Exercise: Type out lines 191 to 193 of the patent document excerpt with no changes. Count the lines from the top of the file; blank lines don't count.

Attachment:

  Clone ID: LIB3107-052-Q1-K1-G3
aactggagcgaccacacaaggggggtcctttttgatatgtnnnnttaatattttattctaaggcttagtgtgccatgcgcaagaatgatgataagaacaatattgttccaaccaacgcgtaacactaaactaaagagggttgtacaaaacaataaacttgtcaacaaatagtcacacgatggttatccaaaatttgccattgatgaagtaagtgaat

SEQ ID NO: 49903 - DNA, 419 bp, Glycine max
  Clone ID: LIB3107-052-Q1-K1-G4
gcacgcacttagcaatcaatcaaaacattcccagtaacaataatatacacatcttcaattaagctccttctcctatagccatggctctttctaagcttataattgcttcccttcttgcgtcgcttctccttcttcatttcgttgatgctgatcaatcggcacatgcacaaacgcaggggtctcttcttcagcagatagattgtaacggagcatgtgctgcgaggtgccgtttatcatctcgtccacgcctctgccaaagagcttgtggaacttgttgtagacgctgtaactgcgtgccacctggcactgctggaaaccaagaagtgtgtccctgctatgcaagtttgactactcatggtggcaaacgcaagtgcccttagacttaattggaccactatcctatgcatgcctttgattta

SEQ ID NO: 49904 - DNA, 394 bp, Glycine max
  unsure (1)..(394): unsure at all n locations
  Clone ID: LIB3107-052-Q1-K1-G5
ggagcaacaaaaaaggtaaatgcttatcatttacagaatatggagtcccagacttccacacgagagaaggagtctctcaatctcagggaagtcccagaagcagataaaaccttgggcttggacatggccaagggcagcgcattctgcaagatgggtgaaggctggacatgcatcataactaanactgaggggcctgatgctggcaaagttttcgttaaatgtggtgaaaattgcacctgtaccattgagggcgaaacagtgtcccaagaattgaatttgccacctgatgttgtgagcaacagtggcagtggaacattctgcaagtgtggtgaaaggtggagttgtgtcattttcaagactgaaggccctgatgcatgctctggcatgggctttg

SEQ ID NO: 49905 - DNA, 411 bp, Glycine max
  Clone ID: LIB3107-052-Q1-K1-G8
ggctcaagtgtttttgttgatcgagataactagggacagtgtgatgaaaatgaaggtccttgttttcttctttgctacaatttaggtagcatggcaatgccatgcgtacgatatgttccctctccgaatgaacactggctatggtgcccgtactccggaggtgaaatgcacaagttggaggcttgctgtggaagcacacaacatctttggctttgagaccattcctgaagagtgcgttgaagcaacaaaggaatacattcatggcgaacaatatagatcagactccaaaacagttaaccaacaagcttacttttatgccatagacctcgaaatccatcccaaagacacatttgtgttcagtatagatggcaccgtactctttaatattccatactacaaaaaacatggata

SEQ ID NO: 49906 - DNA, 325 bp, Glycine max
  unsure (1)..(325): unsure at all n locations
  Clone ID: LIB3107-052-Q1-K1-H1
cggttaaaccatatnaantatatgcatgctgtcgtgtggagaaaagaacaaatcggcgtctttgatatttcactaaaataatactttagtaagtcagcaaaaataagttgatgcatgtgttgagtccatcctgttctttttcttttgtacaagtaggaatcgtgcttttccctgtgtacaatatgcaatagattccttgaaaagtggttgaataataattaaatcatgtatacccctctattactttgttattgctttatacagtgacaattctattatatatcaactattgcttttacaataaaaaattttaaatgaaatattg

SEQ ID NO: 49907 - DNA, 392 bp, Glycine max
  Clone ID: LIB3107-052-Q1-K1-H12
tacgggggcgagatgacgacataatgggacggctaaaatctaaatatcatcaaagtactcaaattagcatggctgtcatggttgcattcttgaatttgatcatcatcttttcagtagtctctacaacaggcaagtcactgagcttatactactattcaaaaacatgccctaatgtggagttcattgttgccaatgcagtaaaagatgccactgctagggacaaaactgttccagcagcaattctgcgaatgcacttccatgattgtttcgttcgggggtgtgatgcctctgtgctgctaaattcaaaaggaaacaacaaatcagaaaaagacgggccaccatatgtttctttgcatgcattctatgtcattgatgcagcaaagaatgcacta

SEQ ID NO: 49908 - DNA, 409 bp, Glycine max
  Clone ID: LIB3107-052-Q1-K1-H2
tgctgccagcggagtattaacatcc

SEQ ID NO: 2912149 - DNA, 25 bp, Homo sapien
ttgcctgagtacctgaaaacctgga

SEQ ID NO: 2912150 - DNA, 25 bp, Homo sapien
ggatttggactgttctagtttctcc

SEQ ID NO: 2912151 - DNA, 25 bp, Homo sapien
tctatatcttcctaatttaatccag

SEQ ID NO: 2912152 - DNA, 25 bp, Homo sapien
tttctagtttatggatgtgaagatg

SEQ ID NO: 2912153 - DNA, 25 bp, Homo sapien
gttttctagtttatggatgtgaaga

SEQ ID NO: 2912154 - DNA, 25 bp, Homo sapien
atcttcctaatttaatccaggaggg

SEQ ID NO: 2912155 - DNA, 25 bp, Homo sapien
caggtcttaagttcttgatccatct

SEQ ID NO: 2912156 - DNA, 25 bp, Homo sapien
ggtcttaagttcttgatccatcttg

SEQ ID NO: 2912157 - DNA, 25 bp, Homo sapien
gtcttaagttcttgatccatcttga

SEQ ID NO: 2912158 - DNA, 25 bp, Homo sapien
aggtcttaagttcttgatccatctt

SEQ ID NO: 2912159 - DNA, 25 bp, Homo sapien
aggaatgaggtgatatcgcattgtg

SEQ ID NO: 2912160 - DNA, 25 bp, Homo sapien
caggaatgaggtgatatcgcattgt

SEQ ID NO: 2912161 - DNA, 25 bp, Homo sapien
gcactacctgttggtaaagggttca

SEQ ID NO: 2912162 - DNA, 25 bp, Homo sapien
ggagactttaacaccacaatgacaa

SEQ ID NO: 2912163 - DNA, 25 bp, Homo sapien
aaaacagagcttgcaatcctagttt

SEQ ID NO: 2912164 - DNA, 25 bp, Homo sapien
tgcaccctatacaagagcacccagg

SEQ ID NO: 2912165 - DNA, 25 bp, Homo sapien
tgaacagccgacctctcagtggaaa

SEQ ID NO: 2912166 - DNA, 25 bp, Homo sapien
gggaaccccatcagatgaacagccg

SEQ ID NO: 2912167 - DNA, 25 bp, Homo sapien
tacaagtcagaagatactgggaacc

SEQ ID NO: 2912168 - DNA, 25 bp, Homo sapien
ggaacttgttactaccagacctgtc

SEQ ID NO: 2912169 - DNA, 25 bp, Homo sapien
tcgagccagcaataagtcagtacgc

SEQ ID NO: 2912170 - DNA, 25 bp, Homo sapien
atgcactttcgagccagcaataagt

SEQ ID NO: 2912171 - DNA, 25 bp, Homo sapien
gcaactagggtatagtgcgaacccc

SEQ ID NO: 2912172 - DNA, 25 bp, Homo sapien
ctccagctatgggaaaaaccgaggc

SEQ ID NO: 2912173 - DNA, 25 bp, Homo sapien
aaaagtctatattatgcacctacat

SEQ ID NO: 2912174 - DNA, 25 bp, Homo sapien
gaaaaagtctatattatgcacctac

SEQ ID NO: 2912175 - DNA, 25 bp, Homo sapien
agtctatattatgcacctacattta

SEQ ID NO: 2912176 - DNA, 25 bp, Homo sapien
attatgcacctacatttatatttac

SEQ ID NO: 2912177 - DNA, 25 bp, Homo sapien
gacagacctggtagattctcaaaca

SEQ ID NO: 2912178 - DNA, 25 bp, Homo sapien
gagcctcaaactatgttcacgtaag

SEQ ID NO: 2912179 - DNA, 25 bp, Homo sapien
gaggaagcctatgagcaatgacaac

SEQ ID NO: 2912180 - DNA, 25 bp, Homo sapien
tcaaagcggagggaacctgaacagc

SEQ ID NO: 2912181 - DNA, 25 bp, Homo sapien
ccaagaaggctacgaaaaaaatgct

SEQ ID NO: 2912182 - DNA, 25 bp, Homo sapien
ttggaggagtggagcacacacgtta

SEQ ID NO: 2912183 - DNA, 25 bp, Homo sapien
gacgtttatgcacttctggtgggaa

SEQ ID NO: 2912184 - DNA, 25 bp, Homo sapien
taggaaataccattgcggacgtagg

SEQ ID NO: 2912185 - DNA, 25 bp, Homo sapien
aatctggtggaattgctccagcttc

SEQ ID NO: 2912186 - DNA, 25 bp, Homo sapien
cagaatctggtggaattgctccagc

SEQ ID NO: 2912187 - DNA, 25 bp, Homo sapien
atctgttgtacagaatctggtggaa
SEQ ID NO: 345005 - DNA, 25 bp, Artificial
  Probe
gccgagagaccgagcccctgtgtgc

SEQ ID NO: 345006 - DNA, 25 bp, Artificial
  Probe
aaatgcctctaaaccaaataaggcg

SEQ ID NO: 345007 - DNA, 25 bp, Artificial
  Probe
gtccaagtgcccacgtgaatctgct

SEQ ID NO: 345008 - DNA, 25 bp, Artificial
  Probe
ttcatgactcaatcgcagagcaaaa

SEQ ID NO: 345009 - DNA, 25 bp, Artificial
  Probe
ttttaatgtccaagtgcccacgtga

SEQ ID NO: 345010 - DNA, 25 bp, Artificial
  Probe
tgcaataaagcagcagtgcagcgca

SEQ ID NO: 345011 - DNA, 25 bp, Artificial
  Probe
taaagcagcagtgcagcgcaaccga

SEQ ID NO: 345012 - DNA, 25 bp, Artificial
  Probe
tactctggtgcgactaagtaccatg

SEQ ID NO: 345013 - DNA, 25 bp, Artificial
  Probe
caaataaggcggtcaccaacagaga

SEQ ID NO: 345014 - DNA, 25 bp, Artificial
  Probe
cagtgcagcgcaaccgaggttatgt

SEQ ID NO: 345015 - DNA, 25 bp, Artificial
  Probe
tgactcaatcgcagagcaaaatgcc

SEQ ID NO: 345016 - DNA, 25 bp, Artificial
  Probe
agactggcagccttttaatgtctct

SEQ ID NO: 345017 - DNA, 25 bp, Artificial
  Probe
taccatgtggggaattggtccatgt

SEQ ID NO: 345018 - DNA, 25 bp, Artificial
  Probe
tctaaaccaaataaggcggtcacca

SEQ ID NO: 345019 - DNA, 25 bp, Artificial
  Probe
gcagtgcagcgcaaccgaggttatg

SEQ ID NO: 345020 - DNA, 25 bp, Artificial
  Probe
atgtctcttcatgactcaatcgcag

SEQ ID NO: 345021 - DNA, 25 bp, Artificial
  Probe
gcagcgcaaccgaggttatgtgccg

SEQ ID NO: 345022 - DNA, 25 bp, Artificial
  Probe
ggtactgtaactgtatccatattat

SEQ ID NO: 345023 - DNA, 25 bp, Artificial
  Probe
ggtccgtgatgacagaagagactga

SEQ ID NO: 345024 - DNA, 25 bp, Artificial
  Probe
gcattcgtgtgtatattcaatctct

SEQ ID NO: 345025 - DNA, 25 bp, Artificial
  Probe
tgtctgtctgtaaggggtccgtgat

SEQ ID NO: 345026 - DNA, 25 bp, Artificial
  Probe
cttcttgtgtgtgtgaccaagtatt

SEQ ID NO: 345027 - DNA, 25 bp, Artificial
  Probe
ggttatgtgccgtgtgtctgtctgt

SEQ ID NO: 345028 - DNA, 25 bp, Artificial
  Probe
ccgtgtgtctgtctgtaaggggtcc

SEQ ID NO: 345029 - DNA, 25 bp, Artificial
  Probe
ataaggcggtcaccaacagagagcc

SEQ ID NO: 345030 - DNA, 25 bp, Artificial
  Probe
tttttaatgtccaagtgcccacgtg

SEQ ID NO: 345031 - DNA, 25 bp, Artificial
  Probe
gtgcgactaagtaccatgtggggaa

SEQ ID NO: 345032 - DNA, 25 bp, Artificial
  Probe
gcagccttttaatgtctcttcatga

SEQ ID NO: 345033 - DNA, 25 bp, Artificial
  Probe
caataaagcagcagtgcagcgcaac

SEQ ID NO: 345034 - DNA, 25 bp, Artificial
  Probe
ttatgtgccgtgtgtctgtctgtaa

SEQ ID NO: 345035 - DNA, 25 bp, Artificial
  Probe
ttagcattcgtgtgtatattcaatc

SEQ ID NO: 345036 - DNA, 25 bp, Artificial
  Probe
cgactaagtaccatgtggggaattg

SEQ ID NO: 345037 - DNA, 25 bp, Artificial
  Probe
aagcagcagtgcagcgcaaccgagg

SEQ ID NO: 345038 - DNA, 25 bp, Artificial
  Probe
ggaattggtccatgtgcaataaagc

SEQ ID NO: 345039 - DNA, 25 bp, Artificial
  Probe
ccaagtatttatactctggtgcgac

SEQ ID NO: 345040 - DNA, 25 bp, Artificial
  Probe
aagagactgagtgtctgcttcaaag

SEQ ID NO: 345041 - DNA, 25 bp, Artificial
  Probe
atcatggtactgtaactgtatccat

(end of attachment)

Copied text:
SEQ ID NO: 345035 - DNA, 25 bp, Artificial
  Probe
ttagcattcgtgtgtatattcaatc